During my tenure at AFSC, I worked on a project with the Landmine Survivor Network for two years (2008-2009). The Network was based in Amman, Jordan, and provided services to Iraqi refugees. It provided amputees with social, economic, and psychological rehabilitation. Victims received a comprehensive rehabilitation.
Staff members in the network were also people with injuries and amputees, which boosted the morale of both our staff and beneficiaries.
One day, we had identified the need to help a particular family. During the home visit, I entered the living room and saw this loveable 10-year-old boy full of laughter and joy. He had lost his mother in a car bombing in Iraq. The explosive device placed under the car also cost him his two legs. It was a fact that people were targeted in Iraq based on ethnic backgrounds or were just innocent by-standers. This made me think for a long time about how wars were an easy political decision yet have very difficult consequences on human beings.
Thanks to the partnership with the Landmine Survivor Network, the little boy received artificial limbs and rehabilitation on how to try a carry out a quasi-normal life.
War is unfair. In our culture, war and fighting tend to be glorified. However there is nothing to be proud about when you are destroying the lives of human beings, societies and cultures that are turned upside down and you have cried.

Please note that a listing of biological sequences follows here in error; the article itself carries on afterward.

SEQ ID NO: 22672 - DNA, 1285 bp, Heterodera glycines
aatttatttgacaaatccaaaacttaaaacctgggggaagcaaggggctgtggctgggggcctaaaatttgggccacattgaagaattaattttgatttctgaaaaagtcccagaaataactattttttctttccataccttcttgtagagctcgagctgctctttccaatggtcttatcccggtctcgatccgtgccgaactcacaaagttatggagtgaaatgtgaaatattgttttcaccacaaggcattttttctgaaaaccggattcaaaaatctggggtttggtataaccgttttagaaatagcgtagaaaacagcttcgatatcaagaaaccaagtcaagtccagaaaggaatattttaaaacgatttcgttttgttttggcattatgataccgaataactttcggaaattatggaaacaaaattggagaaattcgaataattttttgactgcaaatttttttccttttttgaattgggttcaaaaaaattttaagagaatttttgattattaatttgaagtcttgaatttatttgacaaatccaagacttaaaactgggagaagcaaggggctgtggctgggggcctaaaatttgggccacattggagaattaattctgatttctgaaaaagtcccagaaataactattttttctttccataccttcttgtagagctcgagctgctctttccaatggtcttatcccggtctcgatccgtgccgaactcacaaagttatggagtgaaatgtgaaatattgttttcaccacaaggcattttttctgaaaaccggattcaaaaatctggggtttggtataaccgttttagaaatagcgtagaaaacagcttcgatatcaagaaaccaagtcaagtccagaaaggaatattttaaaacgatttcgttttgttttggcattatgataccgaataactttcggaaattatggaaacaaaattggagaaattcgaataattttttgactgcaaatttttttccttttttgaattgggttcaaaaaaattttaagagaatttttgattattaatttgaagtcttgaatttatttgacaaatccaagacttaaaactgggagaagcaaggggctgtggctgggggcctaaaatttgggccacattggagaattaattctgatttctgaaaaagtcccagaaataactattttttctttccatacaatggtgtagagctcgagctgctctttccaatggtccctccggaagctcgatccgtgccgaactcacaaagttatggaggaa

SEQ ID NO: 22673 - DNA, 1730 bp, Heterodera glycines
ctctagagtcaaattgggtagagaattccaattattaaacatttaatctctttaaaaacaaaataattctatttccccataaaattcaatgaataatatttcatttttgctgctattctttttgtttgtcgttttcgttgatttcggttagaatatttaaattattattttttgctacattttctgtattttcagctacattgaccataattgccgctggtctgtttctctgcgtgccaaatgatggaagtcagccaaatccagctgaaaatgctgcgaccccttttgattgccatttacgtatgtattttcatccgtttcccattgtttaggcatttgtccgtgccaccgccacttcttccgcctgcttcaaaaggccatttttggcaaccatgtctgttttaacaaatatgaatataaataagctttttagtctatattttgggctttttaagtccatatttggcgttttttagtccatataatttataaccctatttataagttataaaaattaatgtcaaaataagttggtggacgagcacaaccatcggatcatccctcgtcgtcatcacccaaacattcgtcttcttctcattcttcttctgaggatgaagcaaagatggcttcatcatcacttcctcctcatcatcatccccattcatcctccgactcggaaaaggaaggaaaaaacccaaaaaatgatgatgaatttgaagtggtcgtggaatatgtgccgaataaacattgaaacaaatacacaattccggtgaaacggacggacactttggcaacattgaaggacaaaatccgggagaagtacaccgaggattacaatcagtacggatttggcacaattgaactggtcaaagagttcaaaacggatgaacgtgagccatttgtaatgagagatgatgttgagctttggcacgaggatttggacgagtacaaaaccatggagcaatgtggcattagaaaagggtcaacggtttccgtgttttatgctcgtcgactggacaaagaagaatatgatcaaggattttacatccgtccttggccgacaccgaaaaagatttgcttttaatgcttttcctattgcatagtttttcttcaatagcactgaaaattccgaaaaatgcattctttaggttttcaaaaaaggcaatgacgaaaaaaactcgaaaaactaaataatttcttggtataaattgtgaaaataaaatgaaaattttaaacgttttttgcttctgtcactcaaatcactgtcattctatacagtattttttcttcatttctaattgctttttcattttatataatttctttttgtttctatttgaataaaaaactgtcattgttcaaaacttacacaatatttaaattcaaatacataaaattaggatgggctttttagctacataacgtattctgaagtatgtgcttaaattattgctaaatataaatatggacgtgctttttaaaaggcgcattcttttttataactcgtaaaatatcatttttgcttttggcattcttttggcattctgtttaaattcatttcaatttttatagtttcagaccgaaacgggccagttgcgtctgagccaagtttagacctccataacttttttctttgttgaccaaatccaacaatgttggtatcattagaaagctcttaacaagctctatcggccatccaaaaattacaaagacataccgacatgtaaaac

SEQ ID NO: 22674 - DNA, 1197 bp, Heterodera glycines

This project was very meaningful to me: Many generations have lost a father, a mother, a brother, or sister. Many are unaware of the meaning of war. There is never a victor. There might be a winner and loser, but built on corpses and rubble only.
The principle of AFSC's nonviolence and peace has increased my respect for this organization. I like to consider myself a Quaker and believe in its system of values. I would like these values to become universal and spread more in the world. They are not restricted to any religion, race, or nationality. It is a unique way of treating others and listening to them. This is seldom seen in other organizations. My experience with AFSC in Jordan helped elevate me to a higher level of professionalism, and I will be eternally grateful.
Haitham Al Zureiqi was employed by AFSC as the regional coordinator based in Amman, Jordan, for two years. He is now the deputy emergency coordinator at a UN agency working with refugees in Jordan (UNRWA). He lives in Amman with his wife and family.